Can You Spare 50 Cents a Day?

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Remember the guy who was literally throwing his pennies away each day because he thought they were worthless?  I proved why anyone should save those pennies.  Here’s another scenario of saving pennies.
What would you do with an extra 50 cents a day?  Would you spend the money on snacks or drinks from the vending machine at work?  Or save it for an extra fast food meal or maybe a movie rental?  While for me every once in a while those things would be a nice little perk, most of the time I would -and do- put the extra change on our mortgage or van loan.  I know many of you are laughing because you’re thinking how little a difference 50 cents can make on such a huge amount. The difference is a McDonald’s happy meal now or dinner at the steakhouse later.

An extra $15.25 on each payment of a 30 year mortgage at 5% interest would save you over 12 thousand dollars on your loan.  To be exact – $12,483.88 saved from around $5,100 in extra payments.  On a $100,000 loan this would cut nearly 2 YEARS off your loan, from just pocket change!  Over half the total saved would be from interest charges alone.  Another case where a little goes a long way, especially when it comes to the impact of compounding interest.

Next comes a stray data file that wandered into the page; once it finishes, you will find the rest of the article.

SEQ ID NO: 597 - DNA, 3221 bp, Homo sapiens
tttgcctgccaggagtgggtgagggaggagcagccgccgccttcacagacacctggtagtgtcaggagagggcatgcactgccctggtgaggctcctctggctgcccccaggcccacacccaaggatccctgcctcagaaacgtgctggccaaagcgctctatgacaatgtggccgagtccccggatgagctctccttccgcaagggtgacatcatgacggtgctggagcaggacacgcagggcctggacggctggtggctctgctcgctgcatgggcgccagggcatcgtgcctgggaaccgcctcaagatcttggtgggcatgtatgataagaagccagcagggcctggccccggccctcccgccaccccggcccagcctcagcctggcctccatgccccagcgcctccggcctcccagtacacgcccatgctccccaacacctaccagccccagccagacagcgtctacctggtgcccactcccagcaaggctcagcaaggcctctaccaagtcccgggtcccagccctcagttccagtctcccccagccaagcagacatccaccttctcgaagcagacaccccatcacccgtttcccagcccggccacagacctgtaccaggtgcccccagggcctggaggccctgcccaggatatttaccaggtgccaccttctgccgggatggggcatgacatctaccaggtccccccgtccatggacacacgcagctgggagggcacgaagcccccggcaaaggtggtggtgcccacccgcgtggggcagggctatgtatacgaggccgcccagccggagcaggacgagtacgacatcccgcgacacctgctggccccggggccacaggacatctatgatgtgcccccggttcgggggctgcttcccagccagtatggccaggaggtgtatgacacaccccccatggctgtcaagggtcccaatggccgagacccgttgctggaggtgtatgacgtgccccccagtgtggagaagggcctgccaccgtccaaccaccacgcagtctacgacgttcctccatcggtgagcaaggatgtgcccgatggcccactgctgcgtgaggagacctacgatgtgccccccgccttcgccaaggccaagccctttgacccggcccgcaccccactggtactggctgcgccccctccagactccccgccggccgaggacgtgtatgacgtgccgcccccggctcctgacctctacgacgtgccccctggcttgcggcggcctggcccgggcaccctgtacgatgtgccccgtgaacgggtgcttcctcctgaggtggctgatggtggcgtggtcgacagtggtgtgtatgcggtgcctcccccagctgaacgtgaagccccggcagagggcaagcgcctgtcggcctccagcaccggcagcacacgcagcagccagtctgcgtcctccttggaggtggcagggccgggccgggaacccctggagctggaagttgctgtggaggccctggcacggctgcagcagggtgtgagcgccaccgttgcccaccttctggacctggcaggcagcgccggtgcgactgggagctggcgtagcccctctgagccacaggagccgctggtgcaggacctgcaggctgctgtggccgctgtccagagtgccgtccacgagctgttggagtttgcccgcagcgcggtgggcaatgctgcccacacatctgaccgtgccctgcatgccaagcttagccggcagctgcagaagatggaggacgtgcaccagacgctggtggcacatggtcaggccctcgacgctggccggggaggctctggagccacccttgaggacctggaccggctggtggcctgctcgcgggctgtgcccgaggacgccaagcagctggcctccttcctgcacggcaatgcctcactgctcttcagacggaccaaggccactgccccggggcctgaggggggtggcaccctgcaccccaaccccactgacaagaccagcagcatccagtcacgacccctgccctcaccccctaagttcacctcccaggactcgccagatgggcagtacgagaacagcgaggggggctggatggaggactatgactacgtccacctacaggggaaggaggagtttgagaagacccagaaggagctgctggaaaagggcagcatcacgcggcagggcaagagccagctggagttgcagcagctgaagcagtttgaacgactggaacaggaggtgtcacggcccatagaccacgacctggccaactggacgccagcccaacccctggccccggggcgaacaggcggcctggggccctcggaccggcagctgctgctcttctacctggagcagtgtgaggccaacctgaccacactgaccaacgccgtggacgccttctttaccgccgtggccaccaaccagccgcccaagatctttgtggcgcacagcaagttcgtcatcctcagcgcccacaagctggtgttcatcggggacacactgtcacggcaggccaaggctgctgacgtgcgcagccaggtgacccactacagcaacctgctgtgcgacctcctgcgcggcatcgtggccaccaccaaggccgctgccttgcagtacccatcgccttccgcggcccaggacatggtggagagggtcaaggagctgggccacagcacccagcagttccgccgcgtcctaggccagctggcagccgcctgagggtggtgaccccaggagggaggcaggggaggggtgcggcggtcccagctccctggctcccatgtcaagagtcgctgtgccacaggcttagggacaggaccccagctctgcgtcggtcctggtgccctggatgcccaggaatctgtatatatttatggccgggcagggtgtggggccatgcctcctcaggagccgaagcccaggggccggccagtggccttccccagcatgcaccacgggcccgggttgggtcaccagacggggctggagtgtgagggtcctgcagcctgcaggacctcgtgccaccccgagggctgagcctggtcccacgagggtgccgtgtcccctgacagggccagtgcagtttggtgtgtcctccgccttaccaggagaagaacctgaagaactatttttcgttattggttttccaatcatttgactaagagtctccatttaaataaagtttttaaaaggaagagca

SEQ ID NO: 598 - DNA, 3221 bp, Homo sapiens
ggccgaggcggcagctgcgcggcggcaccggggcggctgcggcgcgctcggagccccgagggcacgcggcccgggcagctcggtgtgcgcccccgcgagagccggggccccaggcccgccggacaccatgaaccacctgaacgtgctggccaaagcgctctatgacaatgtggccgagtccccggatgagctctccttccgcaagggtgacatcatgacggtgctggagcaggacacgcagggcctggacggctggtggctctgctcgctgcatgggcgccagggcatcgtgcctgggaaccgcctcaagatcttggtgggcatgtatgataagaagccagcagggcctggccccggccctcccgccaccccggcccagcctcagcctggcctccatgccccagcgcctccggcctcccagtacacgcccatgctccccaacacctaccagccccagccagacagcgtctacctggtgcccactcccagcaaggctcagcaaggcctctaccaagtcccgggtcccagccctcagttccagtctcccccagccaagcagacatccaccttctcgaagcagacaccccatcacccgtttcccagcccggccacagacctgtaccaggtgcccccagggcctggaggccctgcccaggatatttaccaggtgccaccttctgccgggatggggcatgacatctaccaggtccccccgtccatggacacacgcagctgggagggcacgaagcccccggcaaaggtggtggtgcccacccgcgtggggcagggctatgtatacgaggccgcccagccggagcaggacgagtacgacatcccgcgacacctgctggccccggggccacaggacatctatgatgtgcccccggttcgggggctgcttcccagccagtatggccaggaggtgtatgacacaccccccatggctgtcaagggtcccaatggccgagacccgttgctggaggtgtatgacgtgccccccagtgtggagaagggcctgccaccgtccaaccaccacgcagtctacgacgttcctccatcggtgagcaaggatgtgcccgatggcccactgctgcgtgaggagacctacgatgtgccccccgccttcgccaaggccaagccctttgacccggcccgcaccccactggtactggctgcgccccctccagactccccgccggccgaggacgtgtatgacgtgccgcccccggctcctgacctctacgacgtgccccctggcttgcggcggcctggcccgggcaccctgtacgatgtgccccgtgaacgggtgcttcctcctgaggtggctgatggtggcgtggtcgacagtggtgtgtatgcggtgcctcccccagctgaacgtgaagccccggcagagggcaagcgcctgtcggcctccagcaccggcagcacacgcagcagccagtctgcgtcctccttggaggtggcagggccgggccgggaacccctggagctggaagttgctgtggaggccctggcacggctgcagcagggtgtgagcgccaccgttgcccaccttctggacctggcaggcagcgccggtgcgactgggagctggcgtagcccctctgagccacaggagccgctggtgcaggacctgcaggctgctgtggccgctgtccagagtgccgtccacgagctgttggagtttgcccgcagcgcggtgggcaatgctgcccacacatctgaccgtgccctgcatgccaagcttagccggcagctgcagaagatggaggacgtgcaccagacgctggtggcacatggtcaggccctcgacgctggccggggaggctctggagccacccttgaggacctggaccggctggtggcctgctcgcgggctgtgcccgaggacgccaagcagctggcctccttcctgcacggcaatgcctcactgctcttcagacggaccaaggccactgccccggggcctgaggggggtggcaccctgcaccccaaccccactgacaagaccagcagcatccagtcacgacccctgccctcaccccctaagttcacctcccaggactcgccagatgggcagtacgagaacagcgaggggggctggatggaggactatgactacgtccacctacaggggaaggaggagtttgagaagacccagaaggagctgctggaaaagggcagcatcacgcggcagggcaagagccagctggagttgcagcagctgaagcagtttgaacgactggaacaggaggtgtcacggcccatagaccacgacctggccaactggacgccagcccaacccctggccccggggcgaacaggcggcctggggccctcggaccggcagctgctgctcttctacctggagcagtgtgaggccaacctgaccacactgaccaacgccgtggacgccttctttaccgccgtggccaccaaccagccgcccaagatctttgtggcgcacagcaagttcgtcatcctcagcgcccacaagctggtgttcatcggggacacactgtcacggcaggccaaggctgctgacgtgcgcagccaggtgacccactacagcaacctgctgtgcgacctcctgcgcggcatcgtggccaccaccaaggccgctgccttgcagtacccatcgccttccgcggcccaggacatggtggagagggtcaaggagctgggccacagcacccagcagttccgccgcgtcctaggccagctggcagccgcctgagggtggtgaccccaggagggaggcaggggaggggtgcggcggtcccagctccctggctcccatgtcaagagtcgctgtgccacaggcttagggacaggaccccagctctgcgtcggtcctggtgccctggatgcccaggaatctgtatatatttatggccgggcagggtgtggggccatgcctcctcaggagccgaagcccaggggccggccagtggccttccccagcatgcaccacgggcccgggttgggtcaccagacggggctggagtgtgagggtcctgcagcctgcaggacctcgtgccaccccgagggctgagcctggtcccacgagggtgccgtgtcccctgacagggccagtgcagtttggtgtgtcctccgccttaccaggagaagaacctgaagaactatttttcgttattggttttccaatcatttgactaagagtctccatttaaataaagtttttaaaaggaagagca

While I’m on the subject, did you know that if you never made any extra payments on a 30 year loan at 5% you’d be paying almost double your original loan amount?  That’s 48% of your money going towards interest.

If you’d like to see what impact extra payments would have on a mortgage, even an existing one, try the mortgageX calculator. It will give you an amortization schedule so that you can see your principal balance shrink.  Just scroll to the bottom to see the final summary of your savings from the extra payments.

A word of caution- before you do make extra payments check to see if your loan has penalties for prepayment.  If yours does, you’ll want to see if the savings will outweigh the penalties before making those payments.


  1. Kari@CashAndkari says:

    Visiting from money saving mom. All those pennies really do add up. I think it’s easy to be appeased paying the minimums and forgot how much interest we end up paying in the long run. We’re saving for a downpayment now and fortunately both of us are really aggressive “payers”. Glad to have found your blog!

  2. This is a post after my heart! We’ve been making extra principal payments on our house since we bought it. Now, looking at new houses, I hate to give up the security of “Either one of us could support this mortgage…” to actually needing both incomes or getting serious (I chuckle) about being on a budget.

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